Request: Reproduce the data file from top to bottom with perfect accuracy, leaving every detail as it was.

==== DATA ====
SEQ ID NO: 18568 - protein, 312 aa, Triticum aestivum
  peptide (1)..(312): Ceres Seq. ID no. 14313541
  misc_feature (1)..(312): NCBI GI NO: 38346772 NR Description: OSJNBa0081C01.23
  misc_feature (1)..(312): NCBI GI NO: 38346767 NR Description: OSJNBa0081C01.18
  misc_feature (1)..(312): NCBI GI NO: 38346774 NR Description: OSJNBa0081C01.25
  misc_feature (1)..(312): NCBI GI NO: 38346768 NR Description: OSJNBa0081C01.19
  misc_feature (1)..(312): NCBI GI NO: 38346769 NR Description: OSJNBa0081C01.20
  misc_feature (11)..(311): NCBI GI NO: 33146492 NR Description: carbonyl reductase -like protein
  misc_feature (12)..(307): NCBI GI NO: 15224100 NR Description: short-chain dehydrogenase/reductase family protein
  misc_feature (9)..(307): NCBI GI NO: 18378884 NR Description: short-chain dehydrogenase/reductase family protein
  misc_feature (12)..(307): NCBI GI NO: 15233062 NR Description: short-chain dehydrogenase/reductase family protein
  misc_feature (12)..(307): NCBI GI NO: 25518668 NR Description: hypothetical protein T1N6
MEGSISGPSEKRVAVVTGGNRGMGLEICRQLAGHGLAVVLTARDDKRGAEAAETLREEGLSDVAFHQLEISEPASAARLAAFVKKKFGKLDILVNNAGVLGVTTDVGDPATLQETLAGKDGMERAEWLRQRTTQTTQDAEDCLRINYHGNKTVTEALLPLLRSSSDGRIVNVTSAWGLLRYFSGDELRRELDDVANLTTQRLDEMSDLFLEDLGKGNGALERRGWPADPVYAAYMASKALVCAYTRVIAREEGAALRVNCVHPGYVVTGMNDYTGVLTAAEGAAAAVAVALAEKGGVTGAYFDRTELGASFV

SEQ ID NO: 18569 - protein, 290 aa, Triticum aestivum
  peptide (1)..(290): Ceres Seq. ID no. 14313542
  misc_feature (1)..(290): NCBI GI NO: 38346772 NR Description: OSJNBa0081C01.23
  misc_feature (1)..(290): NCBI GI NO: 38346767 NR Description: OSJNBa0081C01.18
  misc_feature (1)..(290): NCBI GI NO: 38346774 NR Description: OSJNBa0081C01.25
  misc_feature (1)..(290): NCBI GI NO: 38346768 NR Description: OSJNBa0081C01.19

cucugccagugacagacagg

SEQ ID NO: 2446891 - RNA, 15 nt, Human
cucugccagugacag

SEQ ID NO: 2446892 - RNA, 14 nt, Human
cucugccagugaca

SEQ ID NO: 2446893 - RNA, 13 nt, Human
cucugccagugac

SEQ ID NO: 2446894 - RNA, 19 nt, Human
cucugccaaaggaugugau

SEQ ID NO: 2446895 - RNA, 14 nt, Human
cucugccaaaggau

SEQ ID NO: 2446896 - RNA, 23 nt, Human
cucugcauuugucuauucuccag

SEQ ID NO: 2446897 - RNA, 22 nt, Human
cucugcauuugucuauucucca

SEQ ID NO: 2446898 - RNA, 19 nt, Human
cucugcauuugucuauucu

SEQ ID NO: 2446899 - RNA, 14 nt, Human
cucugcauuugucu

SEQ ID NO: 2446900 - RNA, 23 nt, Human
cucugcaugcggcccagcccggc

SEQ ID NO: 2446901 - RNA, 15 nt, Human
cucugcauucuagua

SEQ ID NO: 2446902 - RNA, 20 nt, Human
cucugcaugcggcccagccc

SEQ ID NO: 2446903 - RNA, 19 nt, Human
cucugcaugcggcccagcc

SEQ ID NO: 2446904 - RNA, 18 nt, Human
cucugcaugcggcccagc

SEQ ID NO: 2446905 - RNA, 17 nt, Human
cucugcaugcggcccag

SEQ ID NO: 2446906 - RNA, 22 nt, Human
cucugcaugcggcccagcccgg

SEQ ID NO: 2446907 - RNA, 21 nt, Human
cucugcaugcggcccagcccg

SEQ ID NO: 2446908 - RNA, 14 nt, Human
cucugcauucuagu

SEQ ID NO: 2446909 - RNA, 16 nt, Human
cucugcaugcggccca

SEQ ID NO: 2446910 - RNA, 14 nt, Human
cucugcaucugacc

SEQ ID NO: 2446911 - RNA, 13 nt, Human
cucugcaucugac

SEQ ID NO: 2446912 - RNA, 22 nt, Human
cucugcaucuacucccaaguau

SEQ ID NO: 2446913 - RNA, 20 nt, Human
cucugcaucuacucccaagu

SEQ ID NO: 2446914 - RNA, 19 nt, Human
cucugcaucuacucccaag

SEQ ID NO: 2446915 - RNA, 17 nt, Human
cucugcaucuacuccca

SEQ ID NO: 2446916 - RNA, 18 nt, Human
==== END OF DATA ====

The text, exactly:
SEQ ID NO: 18568 - protein, 312 aa, Triticum aestivum
  peptide (1)..(312): Ceres Seq. ID no. 14313541
  misc_feature (1)..(312): NCBI GI NO: 38346772 NR Description: OSJNBa0081C01.23
  misc_feature (1)..(312): NCBI GI NO: 38346767 NR Description: OSJNBa0081C01.18
  misc_feature (1)..(312): NCBI GI NO: 38346774 NR Description: OSJNBa0081C01.25
  misc_feature (1)..(312): NCBI GI NO: 38346768 NR Description: OSJNBa0081C01.19
  misc_feature (1)..(312): NCBI GI NO: 38346769 NR Description: OSJNBa0081C01.20
  misc_feature (11)..(311): NCBI GI NO: 33146492 NR Description: carbonyl reductase -like protein
  misc_feature (12)..(307): NCBI GI NO: 15224100 NR Description: short-chain dehydrogenase/reductase family protein
  misc_feature (9)..(307): NCBI GI NO: 18378884 NR Description: short-chain dehydrogenase/reductase family protein
  misc_feature (12)..(307): NCBI GI NO: 15233062 NR Description: short-chain dehydrogenase/reductase family protein
  misc_feature (12)..(307): NCBI GI NO: 25518668 NR Description: hypothetical protein T1N6
MEGSISGPSEKRVAVVTGGNRGMGLEICRQLAGHGLAVVLTARDDKRGAEAAETLREEGLSDVAFHQLEISEPASAARLAAFVKKKFGKLDILVNNAGVLGVTTDVGDPATLQETLAGKDGMERAEWLRQRTTQTTQDAEDCLRINYHGNKTVTEALLPLLRSSSDGRIVNVTSAWGLLRYFSGDELRRELDDVANLTTQRLDEMSDLFLEDLGKGNGALERRGWPADPVYAAYMASKALVCAYTRVIAREEGAALRVNCVHPGYVVTGMNDYTGVLTAAEGAAAAVAVALAEKGGVTGAYFDRTELGASFV

SEQ ID NO: 18569 - protein, 290 aa, Triticum aestivum
  peptide (1)..(290): Ceres Seq. ID no. 14313542
  misc_feature (1)..(290): NCBI GI NO: 38346772 NR Description: OSJNBa0081C01.23
  misc_feature (1)..(290): NCBI GI NO: 38346767 NR Description: OSJNBa0081C01.18
  misc_feature (1)..(290): NCBI GI NO: 38346774 NR Description: OSJNBa0081C01.25
  misc_feature (1)..(290): NCBI GI NO: 38346768 NR Description: OSJNBa0081C01.19

cucugccagugacagacagg

SEQ ID NO: 2446891 - RNA, 15 nt, Human
cucugccagugacag

SEQ ID NO: 2446892 - RNA, 14 nt, Human
cucugccagugaca

SEQ ID NO: 2446893 - RNA, 13 nt, Human
cucugccagugac

SEQ ID NO: 2446894 - RNA, 19 nt, Human
cucugccaaaggaugugau

SEQ ID NO: 2446895 - RNA, 14 nt, Human
cucugccaaaggau

SEQ ID NO: 2446896 - RNA, 23 nt, Human
cucugcauuugucuauucuccag

SEQ ID NO: 2446897 - RNA, 22 nt, Human
cucugcauuugucuauucucca

SEQ ID NO: 2446898 - RNA, 19 nt, Human
cucugcauuugucuauucu

SEQ ID NO: 2446899 - RNA, 14 nt, Human
cucugcauuugucu

SEQ ID NO: 2446900 - RNA, 23 nt, Human
cucugcaugcggcccagcccggc

SEQ ID NO: 2446901 - RNA, 15 nt, Human
cucugcauucuagua

SEQ ID NO: 2446902 - RNA, 20 nt, Human
cucugcaugcggcccagccc

SEQ ID NO: 2446903 - RNA, 19 nt, Human
cucugcaugcggcccagcc

SEQ ID NO: 2446904 - RNA, 18 nt, Human
cucugcaugcggcccagc

SEQ ID NO: 2446905 - RNA, 17 nt, Human
cucugcaugcggcccag

SEQ ID NO: 2446906 - RNA, 22 nt, Human
cucugcaugcggcccagcccgg

SEQ ID NO: 2446907 - RNA, 21 nt, Human
cucugcaugcggcccagcccg

SEQ ID NO: 2446908 - RNA, 14 nt, Human
cucugcauucuagu

SEQ ID NO: 2446909 - RNA, 16 nt, Human
cucugcaugcggccca

SEQ ID NO: 2446910 - RNA, 14 nt, Human
cucugcaucugacc

SEQ ID NO: 2446911 - RNA, 13 nt, Human
cucugcaucugac

SEQ ID NO: 2446912 - RNA, 22 nt, Human
cucugcaucuacucccaaguau

SEQ ID NO: 2446913 - RNA, 20 nt, Human
cucugcaucuacucccaagu

SEQ ID NO: 2446914 - RNA, 19 nt, Human
cucugcaucuacucccaag

SEQ ID NO: 2446915 - RNA, 17 nt, Human
cucugcaucuacuccca

SEQ ID NO: 2446916 - RNA, 18 nt, Human